YA LGBT Books discussion

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message 1: by Myka (new)

Myka (mykaramos) | 83 comments So in The Ivory Prison I have a scene with a gun and it is fairly violent (and short), but I never thought much about it until a reviewer mentioned that they didn't think the book should be YA because it had that scene. In the sequel there is even more mention of guns so now I'm doubting how much is too much.

I'm just wondering what other YA readers think on the subject. Personally I never thought much about it because I see so many movies and games with them. And for the record I'm not pro-guns.


message 2: by Kaje (last edited Sep 01, 2013 06:36PM) (new)

Kaje Harper | 16761 comments I think that guns don't make a book not-YA; there are excellent YA where guns are present.

What I object to for YA are two things - either a very cavalier attitude to guns on the part of the author. (As distinct from the characters, because if you are writing about gang kids for example, they may behave in just that way. But if the author thinks shooting is the easy answer to plot problems I object to that.)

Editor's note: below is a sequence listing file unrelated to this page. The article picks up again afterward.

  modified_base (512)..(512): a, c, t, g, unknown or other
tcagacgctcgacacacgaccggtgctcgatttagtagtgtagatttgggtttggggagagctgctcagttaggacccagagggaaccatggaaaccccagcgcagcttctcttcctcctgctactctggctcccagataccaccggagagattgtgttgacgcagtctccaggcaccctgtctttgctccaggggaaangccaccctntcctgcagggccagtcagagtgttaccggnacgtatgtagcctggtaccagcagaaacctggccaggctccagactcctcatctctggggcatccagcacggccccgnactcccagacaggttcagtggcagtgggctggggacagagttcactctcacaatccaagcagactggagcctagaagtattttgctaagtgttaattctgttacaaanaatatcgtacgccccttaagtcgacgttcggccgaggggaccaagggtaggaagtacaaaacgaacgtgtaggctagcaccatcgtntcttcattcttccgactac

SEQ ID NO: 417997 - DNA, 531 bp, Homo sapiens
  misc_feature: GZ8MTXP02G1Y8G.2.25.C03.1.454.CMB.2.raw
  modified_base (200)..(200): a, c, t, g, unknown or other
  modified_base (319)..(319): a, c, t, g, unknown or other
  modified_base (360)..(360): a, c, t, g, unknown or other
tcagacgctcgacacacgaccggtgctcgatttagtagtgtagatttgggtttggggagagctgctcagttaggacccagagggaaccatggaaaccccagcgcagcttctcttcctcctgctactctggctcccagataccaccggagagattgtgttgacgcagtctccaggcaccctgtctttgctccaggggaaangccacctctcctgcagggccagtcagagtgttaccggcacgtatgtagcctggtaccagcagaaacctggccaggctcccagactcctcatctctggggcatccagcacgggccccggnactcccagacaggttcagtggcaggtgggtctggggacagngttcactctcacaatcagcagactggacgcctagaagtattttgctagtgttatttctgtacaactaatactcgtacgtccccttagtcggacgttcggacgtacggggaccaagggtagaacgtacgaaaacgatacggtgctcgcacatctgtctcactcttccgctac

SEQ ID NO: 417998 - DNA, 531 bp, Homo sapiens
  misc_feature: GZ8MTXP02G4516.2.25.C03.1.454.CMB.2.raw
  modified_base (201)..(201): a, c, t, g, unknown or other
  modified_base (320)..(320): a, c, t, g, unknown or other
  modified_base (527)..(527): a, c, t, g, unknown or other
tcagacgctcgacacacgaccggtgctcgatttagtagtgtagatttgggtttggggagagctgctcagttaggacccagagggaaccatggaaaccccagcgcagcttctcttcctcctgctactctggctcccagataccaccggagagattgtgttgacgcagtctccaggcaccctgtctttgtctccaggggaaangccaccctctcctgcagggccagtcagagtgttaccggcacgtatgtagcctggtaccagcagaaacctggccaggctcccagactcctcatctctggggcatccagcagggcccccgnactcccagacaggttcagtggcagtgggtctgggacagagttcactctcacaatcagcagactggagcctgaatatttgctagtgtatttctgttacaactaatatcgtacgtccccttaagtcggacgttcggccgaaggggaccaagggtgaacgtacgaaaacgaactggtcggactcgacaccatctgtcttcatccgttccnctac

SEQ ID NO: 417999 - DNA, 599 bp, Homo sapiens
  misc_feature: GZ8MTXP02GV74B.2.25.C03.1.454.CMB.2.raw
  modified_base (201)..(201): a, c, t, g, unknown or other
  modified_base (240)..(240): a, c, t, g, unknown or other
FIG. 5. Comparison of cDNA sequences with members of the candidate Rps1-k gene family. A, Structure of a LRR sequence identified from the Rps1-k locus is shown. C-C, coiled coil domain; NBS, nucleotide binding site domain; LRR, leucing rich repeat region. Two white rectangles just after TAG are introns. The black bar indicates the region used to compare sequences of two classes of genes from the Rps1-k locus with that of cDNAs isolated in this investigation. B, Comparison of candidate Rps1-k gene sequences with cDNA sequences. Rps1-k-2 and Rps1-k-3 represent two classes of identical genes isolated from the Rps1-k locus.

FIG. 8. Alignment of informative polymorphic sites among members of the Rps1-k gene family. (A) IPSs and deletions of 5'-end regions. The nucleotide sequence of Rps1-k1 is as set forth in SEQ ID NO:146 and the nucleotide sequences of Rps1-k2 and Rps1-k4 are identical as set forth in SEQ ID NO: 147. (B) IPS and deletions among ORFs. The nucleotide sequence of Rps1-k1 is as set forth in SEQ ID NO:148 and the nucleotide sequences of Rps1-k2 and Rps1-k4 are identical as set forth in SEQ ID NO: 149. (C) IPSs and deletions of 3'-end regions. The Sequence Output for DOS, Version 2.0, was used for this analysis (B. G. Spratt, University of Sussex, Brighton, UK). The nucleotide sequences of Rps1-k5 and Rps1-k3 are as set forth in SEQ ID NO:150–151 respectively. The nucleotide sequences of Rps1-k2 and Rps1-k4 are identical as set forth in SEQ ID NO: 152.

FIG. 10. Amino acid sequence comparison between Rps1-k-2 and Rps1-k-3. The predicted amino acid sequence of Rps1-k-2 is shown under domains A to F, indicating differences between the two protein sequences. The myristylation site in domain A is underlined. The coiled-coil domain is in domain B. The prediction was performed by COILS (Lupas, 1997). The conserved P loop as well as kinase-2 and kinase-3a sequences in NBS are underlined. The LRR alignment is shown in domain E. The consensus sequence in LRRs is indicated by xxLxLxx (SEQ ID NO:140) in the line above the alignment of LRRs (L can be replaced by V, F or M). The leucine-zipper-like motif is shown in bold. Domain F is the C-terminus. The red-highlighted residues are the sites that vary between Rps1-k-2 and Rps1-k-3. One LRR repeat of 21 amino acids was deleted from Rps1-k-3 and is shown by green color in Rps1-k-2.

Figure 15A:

Or violence that is graphic/prolonged/sensory in a way that seems to excite the characters and seems intended to excite rather than dismay the reader. Like sex in YA, I think it's a matter of tone and language, far more than actual content.

Violence is part of life, and knives or beatings can be just as graphic as guns. It's the approach that matters to me. (Which puts this squarely into the "I know it when I see it" category, I guess.) Would a teen reading your scenes with guns be more likely afterward to pick up a gun to solve their problems?


message 3: by Lissa (new)

Lissa (parisbvamp) | 64 comments I agree with Kaje on this one. We're so worried about hiding things from our kids we forget that things have no intent, only people do. Teach good intent and get good things.


message 4: by Myka (new)

Myka (mykaramos) | 83 comments Kaje wrote: "Would a teen reading your scenes with guns be more likely afterward to pick up a gun to solve their problems?"

No. If they did I would be very upset. It's used as something to scare and symbolism of how easily the main characters life is at the mercy of others.

Lissa wrote: "I agree with Kaje on this one. We're so worried about hiding things from our kids we forget that things have no intent, only people do. Teach good intent and get good things."

Very interesting you said that, I have a line that addresses just that, a gun being a thing versus what it could be in the hands of certain people.


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